Is it just me or ...

Wilson Gray hwgray at GMAIL.COM
Fri Jul 7 20:00:18 UTC 2006

Well, we probably should forgive them, Charlie. I myself was once
under the impression that the Southern so-called "twang" was peculiar
to the speech of white folk, till I had occasion to listen to a
recording of my own pronunciation of the word, "tango." I was shocked!
shocked! to discover that there was twanging going on. Of course,
since my mind has been unblocked, I've even been able to hear the
twang in the pronunciation of those blackest of speakers, the old-time
blues men, e.g. "aks (a quershtun)" sounding like "Ike's ..."


On 7/7/06, Charles Doyle <cdoyle at> wrote:
> ---------------------- Information from the mail header -----------------------
> Sender:       American Dialect Society <ADS-L at LISTSERV.UGA.EDU>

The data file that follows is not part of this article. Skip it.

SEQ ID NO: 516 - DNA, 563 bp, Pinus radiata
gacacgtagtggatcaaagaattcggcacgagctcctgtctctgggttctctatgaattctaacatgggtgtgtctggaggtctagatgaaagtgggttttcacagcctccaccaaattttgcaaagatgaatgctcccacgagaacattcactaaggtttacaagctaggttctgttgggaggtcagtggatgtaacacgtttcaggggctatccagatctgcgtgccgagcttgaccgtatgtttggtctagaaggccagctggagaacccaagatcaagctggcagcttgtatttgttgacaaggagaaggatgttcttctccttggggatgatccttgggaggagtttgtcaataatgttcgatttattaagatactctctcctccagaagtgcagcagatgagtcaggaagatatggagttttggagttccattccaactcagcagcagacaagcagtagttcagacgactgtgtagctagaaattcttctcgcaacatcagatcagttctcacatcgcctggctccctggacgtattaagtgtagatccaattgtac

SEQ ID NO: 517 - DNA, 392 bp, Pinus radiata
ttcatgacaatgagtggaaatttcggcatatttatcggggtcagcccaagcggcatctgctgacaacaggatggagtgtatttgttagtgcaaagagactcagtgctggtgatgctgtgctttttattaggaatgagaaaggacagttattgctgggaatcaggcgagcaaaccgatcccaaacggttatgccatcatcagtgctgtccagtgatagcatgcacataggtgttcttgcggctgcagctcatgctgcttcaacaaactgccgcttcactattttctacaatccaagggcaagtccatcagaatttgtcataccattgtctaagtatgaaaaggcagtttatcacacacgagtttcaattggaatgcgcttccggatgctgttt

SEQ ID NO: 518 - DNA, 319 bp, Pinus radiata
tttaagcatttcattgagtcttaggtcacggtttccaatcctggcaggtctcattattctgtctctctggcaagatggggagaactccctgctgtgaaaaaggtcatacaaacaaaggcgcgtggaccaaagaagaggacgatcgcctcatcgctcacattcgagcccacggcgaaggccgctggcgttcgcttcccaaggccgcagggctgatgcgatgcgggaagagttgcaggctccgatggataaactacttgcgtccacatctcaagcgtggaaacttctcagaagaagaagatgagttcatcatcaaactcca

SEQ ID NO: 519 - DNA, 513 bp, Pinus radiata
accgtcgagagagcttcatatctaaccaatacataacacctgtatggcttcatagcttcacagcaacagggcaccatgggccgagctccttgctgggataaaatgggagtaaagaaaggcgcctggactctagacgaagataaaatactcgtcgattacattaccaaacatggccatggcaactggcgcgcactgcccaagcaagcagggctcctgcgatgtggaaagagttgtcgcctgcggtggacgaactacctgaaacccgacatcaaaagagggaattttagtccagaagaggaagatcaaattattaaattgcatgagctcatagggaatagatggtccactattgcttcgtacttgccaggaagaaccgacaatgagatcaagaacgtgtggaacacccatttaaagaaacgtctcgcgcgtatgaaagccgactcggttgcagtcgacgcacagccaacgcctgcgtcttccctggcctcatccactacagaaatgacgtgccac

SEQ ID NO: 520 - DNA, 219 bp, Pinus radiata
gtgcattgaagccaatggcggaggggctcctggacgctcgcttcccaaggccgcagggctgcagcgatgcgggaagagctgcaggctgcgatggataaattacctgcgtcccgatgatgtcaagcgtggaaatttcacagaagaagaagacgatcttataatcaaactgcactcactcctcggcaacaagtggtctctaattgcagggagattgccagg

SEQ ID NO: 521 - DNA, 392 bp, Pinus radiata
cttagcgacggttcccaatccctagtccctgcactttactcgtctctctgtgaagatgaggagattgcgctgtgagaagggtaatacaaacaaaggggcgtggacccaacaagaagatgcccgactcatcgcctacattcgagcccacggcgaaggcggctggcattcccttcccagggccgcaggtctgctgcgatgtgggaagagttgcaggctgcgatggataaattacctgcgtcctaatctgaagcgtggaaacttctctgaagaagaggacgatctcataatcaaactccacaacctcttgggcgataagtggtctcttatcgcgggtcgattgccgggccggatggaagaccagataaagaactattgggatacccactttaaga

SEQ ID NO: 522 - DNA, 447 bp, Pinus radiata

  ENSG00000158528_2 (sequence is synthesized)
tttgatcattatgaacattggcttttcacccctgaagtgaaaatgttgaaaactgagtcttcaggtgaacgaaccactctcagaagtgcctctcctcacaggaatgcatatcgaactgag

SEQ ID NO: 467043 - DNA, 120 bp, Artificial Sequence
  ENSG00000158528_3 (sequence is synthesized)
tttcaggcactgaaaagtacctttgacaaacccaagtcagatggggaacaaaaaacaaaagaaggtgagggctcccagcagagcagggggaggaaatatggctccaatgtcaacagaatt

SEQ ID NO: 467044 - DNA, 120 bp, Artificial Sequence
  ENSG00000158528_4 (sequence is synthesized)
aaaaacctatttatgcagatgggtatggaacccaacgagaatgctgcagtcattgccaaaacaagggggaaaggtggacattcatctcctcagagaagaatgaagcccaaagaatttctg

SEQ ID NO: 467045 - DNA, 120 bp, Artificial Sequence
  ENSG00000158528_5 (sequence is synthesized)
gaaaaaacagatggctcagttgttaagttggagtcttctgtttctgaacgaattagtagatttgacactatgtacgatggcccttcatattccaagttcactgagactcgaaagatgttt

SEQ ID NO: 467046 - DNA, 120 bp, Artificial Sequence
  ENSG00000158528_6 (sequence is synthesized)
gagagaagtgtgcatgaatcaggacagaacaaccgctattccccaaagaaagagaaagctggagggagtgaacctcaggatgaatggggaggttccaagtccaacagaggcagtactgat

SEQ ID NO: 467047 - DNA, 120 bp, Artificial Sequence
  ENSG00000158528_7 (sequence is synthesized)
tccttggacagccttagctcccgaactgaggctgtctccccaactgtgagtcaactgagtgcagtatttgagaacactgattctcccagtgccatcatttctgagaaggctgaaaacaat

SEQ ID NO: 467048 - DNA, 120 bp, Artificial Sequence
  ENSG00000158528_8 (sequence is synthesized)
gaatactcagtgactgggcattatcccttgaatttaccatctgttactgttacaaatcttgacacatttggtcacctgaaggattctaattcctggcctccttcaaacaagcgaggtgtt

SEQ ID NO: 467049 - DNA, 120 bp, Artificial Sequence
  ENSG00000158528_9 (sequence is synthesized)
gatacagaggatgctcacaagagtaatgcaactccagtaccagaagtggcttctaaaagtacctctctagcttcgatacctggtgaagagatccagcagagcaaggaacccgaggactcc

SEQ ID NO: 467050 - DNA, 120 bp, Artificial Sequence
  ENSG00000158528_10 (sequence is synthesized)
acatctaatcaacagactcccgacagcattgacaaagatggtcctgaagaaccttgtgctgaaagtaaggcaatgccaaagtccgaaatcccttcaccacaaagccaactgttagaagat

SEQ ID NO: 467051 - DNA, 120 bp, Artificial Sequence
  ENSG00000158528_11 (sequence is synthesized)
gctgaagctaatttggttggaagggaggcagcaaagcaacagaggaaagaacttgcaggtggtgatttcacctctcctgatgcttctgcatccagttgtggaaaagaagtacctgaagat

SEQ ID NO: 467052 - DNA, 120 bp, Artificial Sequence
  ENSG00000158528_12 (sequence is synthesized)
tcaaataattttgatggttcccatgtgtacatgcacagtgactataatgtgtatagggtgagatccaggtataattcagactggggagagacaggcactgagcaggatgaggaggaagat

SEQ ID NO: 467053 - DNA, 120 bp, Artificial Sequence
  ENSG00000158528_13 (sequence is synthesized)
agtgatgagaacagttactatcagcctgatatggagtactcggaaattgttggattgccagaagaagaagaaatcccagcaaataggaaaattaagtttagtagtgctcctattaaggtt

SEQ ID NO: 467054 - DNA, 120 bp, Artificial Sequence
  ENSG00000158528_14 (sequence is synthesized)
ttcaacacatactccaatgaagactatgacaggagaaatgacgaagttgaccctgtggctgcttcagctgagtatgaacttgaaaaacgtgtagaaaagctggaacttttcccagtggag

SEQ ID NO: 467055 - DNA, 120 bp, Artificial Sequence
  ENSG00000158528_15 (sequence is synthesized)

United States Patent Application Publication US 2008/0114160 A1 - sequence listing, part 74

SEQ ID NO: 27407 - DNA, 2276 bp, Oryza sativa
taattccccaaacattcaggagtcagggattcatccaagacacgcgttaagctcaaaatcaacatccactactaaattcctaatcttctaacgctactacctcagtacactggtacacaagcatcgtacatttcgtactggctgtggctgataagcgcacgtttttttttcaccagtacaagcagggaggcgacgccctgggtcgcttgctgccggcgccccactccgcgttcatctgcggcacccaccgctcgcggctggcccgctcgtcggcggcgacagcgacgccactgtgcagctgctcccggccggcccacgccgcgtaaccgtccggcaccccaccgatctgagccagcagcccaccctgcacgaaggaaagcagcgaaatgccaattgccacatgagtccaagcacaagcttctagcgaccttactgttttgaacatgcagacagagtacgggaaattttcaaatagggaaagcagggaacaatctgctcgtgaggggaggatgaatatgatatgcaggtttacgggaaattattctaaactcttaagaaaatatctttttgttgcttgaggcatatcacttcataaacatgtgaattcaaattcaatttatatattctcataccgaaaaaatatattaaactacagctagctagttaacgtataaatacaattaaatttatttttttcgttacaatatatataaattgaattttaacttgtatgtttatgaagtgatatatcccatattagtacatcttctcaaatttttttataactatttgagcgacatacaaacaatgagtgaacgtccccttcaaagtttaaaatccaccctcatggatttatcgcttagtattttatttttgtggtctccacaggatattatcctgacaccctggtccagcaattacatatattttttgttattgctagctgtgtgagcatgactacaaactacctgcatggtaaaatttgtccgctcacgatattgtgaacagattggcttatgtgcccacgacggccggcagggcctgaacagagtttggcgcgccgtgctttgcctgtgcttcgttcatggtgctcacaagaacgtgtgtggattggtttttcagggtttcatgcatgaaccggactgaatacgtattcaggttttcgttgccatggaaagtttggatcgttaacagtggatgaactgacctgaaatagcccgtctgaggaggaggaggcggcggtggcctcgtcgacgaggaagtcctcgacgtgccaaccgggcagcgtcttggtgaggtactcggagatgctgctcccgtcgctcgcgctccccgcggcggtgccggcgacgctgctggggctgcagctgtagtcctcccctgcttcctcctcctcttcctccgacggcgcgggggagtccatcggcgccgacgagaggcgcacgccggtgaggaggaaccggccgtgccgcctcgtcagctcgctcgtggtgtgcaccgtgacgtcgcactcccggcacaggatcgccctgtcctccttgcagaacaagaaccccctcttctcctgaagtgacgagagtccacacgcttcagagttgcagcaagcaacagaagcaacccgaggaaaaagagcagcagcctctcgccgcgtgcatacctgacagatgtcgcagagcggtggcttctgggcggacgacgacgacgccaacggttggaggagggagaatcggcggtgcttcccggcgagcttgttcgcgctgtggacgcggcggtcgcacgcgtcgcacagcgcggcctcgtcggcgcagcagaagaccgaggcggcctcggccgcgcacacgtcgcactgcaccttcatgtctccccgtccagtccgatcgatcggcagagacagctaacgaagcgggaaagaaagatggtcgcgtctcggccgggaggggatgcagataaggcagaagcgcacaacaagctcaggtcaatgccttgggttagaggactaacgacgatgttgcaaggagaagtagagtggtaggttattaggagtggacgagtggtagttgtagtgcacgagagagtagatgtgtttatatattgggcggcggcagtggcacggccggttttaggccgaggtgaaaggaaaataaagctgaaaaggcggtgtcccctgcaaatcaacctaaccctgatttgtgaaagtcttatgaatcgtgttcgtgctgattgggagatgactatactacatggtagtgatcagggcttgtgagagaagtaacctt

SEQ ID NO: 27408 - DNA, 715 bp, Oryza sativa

> Poster:       Charles Doyle <cdoyle at UGA.EDU>
> Subject:      Re: Is it just me or ...
> -------------------------------------------------------------------------------
> Wilson, I think that's probably another of those features shared by Southerners, black and white, that Northern dialectologists have thought to be distinctively BEV.
> RC Cola, for instance, was always [ar@ si].
> (I say "was" because nobody much seems to drink the stuff anymore!)
> --Charlie
> __________________________________________
> ---- Original message ----
> >Date: Fri, 7 Jul 2006 14:56:21 -0400
> >From: Wilson Gray <hwgray at GMAIL.COM>
> >Subject: Re: Is it just me or ...
> >
> >Speaking of Southernisms, a while ago, we discussed whether using [ar@] instead of [ar] or [a:] as the citation pronunciation of the letter R,r was peculiar to BE or a general Southernism. I've heard [ar@] used by BE speakers from Texas, Arkansas, and Missouri to Virginia, the Carolinas, and Florida.
> >
> >Stephanie Weir, a white native of Odessa, in West TX, (I'm a black native of Marshall, in East TX) and a member of the MadTV cast, has a persona that might be described as "Middle-Aged White Trailer-Park Lady." When in this persona, Ms. Weir does indeed prounounce R,r as [ar@].
> >
> >Hence, I conclude that [ar@] is at least very widespread, if not general, in Texas, at least.
> >
> >-Wilson
> >
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